Theodore Roosevelt and His Time Shown in His Own Letters - Vol. 1

By Joseph Bucklin Bishop | Go to book overview

CHAPTER V
FIRST APPEARANCE IN NATIONAL POLITICS--MR. BLAINE'S CANDIDACY

AT the end of his third term in the Legislature, Roosevelt had become a distinct personality in national politics. His advance had been remarkably rapid. When in the summer of 1881 he decided to take an active part in political affairs he was, as I have said, practically unknown outside the limits of his own Assembly district. Before the end of his third term his fame had extended over the entire country. He had won such a position of leadership in his party in the State that when the time came to elect delegates to the Republican National Convention in the spring of 1884, he was, with the hearty approval of the great mass of his party, chosen as the chief of the four delegates-at-large. So strong was popular sentiment in his favor that he easily overcame an organized effort by the old machine leaders in the State Convention to prevent his selection.

He went to the National Convention an avowed advocate of the nomination of Senator George F. Edmunds of Vermont as the Republican candidate for the Presidency in preference to James G. Blaine, who was the favorite of a majority of the delegates. The Blaine supporters were in control of the National Republican Committee and sought to organize the Convention in their interest by having a man of their choice, ex-SenatorPowell Clayton, of Alabama, made temporary Chairman. The National Committee submitted this selection to the Convention for approval. Senator H. C. Lodge, a delegate from Massachusetts and like Roosevelt an avowed Edmunds supporter, nominated a colored man, ex-CongressmanJohn R. Lynch of Mississippi. In support of Senator Lodge's motion,

-33-

Notes for this page

Add a new note
If you are trying to select text to create highlights or citations, remember that you must now click or tap on the first word, and then click or tap on the last word.
One moment ...
Project items

Items saved from this book

This book has been saved
Highlights (0)
Some of your highlights are legacy items.

Highlights saved before July 30, 2012 will not be displayed on their respective source pages.

You can easily re-create the highlights by opening the book page or article, selecting the text, and clicking “Highlight.”

Citations (0)
Some of your citations are legacy items.

Any citation created before July 30, 2012 will labeled as a “Cited page.” New citations will be saved as cited passages, pages or articles.

We also added the ability to view new citations from your projects or the book or article where you created them.

Notes (0)
Bookmarks (0)

You have no saved items from this book

Project items include:
  • Saved book/article
  • Highlights
  • Quotes/citations
  • Notes
  • Bookmarks
Notes
Cite this page

Cited page

Style
Citations are available only to our active members.
Sign up now to cite pages or passages in MLA, APA and Chicago citation styles.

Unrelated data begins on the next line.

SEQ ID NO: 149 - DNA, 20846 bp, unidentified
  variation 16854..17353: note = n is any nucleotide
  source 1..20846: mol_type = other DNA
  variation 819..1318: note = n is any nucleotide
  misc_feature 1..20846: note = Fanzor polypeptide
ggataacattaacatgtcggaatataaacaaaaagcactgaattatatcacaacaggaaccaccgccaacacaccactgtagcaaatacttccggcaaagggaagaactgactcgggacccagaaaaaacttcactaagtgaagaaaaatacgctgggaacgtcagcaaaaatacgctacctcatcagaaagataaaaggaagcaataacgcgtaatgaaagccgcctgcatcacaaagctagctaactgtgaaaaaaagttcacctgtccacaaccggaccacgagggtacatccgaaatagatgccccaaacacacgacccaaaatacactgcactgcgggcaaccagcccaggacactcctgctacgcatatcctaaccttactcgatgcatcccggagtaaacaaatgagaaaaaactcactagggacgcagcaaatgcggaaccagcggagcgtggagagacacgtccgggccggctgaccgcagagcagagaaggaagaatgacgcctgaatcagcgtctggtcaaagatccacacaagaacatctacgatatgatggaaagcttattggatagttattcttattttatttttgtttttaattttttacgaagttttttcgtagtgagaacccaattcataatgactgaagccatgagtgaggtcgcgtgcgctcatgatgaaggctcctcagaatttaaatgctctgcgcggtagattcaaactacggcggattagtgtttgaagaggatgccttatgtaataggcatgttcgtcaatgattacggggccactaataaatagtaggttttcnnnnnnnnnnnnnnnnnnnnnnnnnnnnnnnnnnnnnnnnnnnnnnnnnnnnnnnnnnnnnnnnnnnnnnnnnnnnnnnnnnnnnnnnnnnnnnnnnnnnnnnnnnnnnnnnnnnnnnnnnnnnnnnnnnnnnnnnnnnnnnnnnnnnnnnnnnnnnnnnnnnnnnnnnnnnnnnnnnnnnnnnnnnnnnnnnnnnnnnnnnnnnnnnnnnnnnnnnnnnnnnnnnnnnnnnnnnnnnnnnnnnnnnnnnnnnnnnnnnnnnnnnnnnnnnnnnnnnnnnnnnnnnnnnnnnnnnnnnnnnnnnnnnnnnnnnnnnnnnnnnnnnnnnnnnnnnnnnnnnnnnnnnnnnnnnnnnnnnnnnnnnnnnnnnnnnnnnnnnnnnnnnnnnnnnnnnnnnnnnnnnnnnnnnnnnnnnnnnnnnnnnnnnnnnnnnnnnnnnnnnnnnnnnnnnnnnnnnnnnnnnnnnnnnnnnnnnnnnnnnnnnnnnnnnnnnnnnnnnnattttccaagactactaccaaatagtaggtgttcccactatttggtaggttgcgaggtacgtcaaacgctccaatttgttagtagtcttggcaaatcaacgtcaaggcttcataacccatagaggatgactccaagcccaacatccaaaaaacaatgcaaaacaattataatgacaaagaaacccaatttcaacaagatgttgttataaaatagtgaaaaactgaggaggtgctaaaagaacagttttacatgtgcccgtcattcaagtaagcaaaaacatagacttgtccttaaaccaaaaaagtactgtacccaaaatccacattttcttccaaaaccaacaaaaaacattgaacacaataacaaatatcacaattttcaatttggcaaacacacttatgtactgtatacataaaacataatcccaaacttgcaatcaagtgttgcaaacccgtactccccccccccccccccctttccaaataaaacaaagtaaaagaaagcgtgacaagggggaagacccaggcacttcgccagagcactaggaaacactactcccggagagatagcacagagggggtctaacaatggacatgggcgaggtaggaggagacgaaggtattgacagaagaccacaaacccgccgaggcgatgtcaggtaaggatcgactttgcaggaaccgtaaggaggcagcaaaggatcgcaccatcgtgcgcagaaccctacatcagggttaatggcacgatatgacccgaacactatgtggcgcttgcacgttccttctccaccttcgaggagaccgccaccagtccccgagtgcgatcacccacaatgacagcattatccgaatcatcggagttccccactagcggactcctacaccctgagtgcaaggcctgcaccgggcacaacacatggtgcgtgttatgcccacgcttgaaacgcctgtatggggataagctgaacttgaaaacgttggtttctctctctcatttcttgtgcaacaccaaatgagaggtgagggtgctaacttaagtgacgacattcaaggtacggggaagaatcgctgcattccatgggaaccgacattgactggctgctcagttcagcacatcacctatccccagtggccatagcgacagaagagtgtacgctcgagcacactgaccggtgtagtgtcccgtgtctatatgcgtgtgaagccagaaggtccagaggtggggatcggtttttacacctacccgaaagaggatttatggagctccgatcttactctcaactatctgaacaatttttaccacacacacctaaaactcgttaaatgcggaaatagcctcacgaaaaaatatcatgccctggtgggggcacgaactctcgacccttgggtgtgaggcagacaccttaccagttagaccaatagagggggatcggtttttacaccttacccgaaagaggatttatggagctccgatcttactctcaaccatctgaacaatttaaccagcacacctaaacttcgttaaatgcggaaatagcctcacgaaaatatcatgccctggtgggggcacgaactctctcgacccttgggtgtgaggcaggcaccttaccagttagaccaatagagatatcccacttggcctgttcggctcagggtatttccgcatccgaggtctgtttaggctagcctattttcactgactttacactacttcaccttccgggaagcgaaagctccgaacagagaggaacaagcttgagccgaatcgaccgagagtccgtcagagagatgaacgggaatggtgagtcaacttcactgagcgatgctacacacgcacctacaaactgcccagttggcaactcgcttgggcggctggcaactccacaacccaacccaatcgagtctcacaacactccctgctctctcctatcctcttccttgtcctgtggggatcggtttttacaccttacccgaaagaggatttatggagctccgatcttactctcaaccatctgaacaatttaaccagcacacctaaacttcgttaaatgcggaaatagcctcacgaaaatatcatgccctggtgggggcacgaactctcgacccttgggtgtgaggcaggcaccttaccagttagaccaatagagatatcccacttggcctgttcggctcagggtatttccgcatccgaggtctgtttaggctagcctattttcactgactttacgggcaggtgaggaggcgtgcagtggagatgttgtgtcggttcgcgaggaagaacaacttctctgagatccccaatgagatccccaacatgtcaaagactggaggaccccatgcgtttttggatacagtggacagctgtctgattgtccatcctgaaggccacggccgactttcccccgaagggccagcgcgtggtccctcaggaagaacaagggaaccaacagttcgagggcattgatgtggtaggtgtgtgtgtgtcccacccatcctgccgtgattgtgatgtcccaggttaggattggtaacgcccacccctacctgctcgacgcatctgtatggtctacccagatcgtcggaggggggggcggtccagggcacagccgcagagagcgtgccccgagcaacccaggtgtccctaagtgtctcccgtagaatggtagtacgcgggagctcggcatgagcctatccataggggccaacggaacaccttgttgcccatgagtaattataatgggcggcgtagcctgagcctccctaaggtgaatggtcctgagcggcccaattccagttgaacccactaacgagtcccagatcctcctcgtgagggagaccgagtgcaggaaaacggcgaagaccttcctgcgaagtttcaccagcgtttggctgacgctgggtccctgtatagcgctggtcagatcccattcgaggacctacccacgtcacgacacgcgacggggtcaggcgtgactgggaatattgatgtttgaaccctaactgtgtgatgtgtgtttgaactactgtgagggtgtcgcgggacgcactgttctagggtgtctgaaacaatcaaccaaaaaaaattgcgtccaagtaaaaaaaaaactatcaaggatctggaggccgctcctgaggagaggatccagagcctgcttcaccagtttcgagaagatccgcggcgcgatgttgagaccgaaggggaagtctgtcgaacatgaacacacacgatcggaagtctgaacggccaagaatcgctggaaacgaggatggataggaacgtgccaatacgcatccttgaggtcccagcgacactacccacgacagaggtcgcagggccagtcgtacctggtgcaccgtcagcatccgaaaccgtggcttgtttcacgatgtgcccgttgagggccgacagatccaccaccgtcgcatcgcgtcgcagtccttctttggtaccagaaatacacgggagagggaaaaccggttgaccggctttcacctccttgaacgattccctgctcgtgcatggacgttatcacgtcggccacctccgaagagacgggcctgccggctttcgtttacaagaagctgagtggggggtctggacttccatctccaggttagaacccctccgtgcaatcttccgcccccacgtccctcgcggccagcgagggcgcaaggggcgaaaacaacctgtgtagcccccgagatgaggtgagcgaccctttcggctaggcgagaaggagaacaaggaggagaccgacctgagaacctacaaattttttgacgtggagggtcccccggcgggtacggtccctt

(Einhorn, 1992, p. 25)

(Einhorn 25)

1

1. Lois J. Einhorn, Abraham Lincoln, the Orator: Penetrating the Lincoln Legend (Westport, CT: Greenwood Press, 1992), 25, http://www.questia.com/read/27419298.

Cited page

Bookmark this page
Theodore Roosevelt and His Time Shown in His Own Letters - Vol. 1
Table of contents

Table of contents

Settings

Settings

Typeface
Text size Smaller Larger
Search within

Search within this book

Look up

Look up a word

  • Dictionary
  • Thesaurus
Please submit a word or phrase above.
Print this page

Print this page

Why can't I print more than one page at a time?

Full screen
/ 512

matching results for page

Cited passage

Style
Citations are available only to our active members.
Sign up now to cite pages or passages in MLA, APA and Chicago citation styles.

"Portraying himself as an honest, ordinary person helped Lincoln identify with his audiences." (Einhorn, 1992, p. 25).

"Portraying himself as an honest, ordinary person helped Lincoln identify with his audiences." (Einhorn 25)

"Portraying himself as an honest, ordinary person helped Lincoln identify with his audiences."1

1. Lois J. Einhorn, Abraham Lincoln, the Orator: Penetrating the Lincoln Legend (Westport, CT: Greenwood Press, 1992), 25, http://www.questia.com/read/27419298.

Cited passage

Welcome to the new Questia Reader

The Questia Reader has been updated to provide you with an even better online reading experience.  It is now 100% Responsive, which means you can read our books and articles on any sized device you wish.  All of your favorite tools like notes, highlights, and citations are still here, but the way you select text has been updated to be easier to use, especially on touchscreen devices.  Here's how:

1. Click or tap the first word you want to select.
2. Click or tap the last word you want to select.

OK, got it!

Thanks for trying Questia!

Please continue trying out our research tools, but please note, full functionality is available only to our active members.

Your work will be lost once you leave this Web page.

For full access in an ad-free environment, sign up now for a FREE, 1-day trial.

Already a member? Log in now.